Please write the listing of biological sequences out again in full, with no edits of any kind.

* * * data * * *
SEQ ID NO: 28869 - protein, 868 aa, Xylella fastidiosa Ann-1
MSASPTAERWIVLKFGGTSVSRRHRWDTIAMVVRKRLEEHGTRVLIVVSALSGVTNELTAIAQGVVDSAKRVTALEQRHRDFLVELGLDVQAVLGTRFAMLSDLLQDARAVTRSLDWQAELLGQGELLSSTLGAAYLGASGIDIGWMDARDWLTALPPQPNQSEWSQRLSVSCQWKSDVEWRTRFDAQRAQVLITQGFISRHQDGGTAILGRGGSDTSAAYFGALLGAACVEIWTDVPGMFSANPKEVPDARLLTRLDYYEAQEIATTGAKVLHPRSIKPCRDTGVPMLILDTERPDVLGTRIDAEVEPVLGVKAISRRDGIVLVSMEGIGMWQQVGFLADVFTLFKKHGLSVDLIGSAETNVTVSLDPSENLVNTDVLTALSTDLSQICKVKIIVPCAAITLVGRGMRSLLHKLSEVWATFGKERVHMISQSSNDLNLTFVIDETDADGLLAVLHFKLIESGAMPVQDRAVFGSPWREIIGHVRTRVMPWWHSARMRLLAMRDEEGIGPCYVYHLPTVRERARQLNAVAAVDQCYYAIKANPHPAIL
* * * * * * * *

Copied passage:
SEQ ID NO: 28869 - protein, 868 aa, Xylella fastidiosa Ann-1
MSASPTAERWIVLKFGGTSVSRRHRWDTIAMVVRKRLEEHGTRVLIVVSALSGVTNELTAIAQGVVDSAKRVTALEQRHRDFLVELGLDVQAVLGTRFAMLSDLLQDARAVTRSLDWQAELLGQGELLSSTLGAAYLGASGIDIGWMDARDWLTALPPQPNQSEWSQRLSVSCQWKSDVEWRTRFDAQRAQVLITQGFISRHQDGGTAILGRGGSDTSAAYFGALLGAACVEIWTDVPGMFSANPKEVPDARLLTRLDYYEAQEIATTGAKVLHPRSIKPCRDTGVPMLILDTERPDVLGTRIDAEVEPVLGVKAISRRDGIVLVSMEGIGMWQQVGFLADVFTLFKKHGLSVDLIGSAETNVTVSLDPSENLVNTDVLTALSTDLSQICKVKIIVPCAAITLVGRGMRSLLHKLSEVWATFGKERVHMISQSSNDLNLTFVIDETDADGLLAVLHFKLIESGAMPVQDRAVFGSPWREIIGHVRTRVMPWWHSARMRLLAMRDEEGIGPCYVYHLPTVRERARQLNAVAAVDQCYYAIKANPHPAIL